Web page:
New York

Timothy Woodman

Zabriskie Gallery

Timothy Woodman’s painted aluminum wall reliefs offer a more diffuse, less focused figure-scape than Katz’s. His characters are literally “little people,” an anthology of Lilliputian types engaged in a human comedy of activity, from the mundane (sharpening a knife) to the fantastic (wrestling a demon). Sometimes Woodman’s small folk are isolated as single figures; in other works, groups arestrung together in a linked chain of human activity, as in a take-off on Edward Hick’s Peaceable Kingdom which adds musicians and a ballerina to the already crowded scene of the original 19th-century work, and in Carnival, 1984, in which a whole circus troupe sprawls across the wall in a writhing worm of playful movement.

With their smoothed-out facial features, blocky builds, and mat colors, Woodman’s figures are anonymous toilers, slices of life on a measured scale. The cutout technique has the effect of giving a dramatic outline to their anecdotal tales, as Woodman plays with perspective, flattened three-dimensionality, and irregular cropping. Two pieces display a larger, more condensed intention. In Collision, 1984, a ship’s bow is canted sideways and upwards as it saws a rowboat in half, throwing two figures to either side as the bow points straight out at the viewer. Rescue, 1984–85, is an inverted version of Collision in which two policemen on the roof of a building hold on to a man who has flung himself off. Both sculptures are significantly larger than the others, in both the shapes play with the tension of holding to the wall while charging off it, and both find suitably life-and-death narrative content for their heightened formal action. In these pieces Woodman’s clever craftsmanship and microscopic vision cohere into works of passion and force, and consequently produce something more than curiosities: a vividly dramatized idea.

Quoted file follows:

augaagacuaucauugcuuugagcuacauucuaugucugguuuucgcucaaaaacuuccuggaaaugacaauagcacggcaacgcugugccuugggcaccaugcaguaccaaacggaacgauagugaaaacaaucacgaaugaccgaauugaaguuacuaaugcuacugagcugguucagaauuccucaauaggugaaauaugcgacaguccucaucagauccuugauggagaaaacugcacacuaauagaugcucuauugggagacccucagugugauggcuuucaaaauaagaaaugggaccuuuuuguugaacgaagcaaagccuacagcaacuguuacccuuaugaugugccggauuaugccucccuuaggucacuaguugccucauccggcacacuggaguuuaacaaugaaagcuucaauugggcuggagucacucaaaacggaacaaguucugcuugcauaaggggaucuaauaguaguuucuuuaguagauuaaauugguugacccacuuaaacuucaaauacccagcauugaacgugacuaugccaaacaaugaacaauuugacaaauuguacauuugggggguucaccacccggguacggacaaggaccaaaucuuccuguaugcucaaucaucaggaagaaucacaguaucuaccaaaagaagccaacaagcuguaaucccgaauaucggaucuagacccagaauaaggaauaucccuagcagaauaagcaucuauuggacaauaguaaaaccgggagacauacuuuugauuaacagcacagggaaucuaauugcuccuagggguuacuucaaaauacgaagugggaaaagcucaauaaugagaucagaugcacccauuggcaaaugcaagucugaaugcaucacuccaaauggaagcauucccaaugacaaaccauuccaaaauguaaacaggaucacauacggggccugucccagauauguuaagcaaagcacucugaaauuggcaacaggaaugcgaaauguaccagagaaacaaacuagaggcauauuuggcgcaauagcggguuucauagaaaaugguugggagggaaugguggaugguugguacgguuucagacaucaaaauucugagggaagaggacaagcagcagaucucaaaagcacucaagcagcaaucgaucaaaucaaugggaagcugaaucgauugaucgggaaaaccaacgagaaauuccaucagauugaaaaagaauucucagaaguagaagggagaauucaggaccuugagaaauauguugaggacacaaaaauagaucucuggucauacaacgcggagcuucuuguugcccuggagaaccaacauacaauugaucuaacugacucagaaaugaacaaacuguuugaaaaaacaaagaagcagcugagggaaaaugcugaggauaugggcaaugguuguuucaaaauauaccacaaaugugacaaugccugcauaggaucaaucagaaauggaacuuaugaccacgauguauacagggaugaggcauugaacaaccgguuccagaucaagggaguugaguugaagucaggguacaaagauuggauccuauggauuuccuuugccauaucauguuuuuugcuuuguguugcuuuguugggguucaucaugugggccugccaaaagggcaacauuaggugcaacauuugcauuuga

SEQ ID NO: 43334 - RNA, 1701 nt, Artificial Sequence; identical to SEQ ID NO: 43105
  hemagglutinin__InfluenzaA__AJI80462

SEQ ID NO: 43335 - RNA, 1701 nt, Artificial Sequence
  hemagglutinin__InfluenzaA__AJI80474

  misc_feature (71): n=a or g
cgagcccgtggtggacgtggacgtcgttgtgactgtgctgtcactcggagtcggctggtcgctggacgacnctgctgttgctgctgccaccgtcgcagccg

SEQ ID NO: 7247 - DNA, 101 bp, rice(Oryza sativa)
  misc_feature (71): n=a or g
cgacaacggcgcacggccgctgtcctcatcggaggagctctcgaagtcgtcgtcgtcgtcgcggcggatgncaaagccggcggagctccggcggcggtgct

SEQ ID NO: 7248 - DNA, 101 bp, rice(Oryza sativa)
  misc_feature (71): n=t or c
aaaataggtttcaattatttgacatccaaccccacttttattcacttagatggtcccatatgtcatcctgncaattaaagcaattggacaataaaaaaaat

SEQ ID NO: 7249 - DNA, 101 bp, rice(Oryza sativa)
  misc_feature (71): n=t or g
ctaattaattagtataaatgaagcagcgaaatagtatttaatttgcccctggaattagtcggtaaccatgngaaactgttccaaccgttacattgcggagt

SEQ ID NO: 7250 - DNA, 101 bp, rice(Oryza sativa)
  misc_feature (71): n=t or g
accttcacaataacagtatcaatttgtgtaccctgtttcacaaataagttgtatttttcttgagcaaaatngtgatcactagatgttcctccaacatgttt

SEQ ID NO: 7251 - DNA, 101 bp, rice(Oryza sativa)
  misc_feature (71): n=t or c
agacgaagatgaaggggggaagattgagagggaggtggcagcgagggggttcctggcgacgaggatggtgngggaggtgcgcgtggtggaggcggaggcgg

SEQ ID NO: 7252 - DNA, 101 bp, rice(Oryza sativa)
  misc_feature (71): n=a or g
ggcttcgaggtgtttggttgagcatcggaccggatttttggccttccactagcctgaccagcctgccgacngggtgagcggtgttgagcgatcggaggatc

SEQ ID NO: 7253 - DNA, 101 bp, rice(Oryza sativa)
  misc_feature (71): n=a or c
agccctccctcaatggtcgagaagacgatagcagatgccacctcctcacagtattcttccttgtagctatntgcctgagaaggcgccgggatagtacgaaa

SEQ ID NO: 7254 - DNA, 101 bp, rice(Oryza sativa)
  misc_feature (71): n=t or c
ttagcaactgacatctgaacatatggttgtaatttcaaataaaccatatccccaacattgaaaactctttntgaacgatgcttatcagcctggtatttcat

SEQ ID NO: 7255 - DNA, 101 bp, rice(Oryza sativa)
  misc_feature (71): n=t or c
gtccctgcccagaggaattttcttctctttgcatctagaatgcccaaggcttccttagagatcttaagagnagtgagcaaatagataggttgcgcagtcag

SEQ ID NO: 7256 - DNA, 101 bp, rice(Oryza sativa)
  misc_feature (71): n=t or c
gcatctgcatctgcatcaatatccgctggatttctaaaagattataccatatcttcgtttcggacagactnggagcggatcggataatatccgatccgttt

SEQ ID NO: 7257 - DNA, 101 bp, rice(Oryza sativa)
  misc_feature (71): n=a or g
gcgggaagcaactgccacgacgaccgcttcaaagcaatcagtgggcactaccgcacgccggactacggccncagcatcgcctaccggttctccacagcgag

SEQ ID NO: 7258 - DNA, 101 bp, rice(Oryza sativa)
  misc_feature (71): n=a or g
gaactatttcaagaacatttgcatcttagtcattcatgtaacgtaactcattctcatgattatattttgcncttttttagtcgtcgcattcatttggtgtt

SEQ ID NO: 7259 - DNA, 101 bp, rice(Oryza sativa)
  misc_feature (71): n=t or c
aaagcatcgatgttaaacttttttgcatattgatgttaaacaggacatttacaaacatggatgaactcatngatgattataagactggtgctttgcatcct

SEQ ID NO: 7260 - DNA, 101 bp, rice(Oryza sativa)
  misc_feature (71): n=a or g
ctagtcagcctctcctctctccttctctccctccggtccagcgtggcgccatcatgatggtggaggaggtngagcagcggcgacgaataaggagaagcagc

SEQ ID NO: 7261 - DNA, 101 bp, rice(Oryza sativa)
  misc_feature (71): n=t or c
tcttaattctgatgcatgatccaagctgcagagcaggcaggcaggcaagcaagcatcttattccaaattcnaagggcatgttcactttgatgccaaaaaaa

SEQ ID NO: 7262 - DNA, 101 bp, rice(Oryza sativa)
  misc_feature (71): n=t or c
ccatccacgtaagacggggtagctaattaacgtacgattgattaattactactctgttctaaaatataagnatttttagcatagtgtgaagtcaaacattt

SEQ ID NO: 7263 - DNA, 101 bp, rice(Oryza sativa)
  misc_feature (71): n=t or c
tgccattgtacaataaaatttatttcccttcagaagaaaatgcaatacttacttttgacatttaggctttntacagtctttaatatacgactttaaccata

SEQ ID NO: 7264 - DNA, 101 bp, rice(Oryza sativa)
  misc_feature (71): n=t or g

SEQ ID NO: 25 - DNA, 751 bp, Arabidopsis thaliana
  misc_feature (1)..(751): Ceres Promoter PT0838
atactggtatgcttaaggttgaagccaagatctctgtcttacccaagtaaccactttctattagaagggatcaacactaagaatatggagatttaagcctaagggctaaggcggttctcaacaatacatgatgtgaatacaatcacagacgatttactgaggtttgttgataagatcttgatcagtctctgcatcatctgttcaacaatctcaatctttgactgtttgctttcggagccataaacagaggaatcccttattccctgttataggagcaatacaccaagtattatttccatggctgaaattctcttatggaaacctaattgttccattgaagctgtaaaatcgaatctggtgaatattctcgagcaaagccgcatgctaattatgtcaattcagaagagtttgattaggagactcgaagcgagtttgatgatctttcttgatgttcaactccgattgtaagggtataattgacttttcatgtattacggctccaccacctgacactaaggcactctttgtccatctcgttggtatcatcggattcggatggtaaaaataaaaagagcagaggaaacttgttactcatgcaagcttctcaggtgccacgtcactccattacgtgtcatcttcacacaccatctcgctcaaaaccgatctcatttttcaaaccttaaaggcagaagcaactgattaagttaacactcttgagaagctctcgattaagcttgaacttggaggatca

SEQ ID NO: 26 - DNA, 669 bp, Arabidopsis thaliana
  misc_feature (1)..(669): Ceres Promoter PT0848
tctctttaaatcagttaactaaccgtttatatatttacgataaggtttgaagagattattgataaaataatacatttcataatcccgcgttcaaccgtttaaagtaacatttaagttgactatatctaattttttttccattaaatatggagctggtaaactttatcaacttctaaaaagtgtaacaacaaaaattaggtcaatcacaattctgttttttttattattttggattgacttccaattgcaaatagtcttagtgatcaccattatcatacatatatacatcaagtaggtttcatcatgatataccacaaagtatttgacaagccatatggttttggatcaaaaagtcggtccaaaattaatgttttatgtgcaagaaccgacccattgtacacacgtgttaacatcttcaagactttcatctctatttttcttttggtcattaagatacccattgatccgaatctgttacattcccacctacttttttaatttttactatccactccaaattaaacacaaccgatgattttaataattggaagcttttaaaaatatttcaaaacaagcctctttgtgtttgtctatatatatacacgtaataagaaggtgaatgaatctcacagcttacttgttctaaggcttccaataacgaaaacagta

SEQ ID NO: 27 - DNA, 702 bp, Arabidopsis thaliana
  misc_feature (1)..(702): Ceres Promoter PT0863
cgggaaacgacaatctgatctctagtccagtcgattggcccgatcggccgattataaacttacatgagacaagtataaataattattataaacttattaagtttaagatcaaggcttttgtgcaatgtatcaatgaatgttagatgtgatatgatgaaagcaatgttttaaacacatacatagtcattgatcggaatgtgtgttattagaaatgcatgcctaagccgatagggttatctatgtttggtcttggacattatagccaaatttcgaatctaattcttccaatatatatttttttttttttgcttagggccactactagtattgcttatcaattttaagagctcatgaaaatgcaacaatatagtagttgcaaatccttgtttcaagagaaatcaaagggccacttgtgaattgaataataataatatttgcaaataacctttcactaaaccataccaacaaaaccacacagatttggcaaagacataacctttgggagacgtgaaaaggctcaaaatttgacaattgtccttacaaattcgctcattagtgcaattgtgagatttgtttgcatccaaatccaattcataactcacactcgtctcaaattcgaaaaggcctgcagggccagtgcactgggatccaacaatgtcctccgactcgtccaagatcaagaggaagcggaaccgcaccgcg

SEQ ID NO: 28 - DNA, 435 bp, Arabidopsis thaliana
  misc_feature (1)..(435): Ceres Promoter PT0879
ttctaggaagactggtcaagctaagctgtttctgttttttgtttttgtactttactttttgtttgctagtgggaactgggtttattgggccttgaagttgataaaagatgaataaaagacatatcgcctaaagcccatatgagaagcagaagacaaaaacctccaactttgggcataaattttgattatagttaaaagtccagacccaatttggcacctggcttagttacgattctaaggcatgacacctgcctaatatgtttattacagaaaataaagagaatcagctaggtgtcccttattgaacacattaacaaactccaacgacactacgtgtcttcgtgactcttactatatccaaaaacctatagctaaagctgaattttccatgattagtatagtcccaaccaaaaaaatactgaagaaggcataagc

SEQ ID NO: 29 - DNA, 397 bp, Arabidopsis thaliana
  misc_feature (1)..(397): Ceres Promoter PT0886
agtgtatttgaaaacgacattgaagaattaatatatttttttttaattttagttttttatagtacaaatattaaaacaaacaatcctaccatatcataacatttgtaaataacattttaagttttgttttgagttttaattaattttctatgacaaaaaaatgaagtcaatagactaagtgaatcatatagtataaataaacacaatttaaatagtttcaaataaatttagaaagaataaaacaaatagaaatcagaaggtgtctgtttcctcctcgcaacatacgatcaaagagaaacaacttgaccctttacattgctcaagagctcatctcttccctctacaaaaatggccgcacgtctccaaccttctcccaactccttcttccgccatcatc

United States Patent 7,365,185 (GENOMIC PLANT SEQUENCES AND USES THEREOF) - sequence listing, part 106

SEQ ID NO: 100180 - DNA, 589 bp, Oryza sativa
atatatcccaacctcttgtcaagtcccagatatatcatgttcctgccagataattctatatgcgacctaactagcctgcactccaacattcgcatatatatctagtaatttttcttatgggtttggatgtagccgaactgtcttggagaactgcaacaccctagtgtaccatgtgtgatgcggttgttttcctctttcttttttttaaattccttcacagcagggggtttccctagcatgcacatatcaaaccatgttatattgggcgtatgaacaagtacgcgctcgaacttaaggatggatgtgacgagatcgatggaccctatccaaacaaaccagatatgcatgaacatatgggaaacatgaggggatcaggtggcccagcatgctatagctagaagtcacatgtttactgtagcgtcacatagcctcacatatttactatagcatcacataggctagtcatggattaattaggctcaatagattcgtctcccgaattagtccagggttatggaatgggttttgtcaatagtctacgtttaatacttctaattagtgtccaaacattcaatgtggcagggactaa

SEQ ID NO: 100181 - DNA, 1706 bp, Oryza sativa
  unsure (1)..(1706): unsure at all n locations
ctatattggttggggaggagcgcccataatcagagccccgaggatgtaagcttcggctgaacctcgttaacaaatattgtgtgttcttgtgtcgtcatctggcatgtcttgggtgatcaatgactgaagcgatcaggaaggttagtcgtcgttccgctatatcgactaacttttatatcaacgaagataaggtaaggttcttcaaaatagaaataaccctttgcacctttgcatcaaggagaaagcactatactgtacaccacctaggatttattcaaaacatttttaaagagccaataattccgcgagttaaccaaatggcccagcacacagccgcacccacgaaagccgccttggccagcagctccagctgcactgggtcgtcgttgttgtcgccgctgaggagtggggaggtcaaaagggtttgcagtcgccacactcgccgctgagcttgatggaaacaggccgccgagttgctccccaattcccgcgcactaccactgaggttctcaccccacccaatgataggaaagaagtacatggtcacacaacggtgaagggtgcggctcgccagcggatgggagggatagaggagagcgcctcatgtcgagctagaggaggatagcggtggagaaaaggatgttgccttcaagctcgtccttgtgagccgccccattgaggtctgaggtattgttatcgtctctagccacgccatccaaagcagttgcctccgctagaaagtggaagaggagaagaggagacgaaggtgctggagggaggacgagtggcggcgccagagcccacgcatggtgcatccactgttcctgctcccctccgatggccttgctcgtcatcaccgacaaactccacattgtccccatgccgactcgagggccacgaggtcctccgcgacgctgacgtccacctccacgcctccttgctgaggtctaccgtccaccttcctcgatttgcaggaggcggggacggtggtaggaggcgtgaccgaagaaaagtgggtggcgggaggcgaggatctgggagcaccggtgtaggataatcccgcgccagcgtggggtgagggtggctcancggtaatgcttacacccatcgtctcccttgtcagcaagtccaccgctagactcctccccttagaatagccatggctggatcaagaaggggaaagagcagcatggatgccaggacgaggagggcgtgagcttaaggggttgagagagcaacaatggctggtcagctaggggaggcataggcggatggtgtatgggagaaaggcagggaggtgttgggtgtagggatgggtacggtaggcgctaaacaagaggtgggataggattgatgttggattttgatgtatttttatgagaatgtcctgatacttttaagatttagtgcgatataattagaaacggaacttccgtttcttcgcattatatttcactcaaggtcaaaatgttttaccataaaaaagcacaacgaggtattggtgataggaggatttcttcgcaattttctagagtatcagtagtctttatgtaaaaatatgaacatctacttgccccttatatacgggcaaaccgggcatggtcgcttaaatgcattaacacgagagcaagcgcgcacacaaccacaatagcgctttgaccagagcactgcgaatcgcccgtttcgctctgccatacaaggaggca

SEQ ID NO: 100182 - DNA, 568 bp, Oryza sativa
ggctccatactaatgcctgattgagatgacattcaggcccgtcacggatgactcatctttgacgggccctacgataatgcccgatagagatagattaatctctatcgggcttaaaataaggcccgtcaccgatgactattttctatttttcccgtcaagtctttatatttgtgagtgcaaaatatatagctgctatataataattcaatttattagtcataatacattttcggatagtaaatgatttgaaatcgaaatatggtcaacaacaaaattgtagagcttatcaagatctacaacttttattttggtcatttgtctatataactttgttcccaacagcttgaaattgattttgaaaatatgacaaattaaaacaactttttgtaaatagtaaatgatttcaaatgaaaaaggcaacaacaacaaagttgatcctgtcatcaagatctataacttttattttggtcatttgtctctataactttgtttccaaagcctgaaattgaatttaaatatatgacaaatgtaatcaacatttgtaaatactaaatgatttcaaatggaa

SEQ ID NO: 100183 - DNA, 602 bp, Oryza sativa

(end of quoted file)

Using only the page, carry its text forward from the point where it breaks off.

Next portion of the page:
John Howell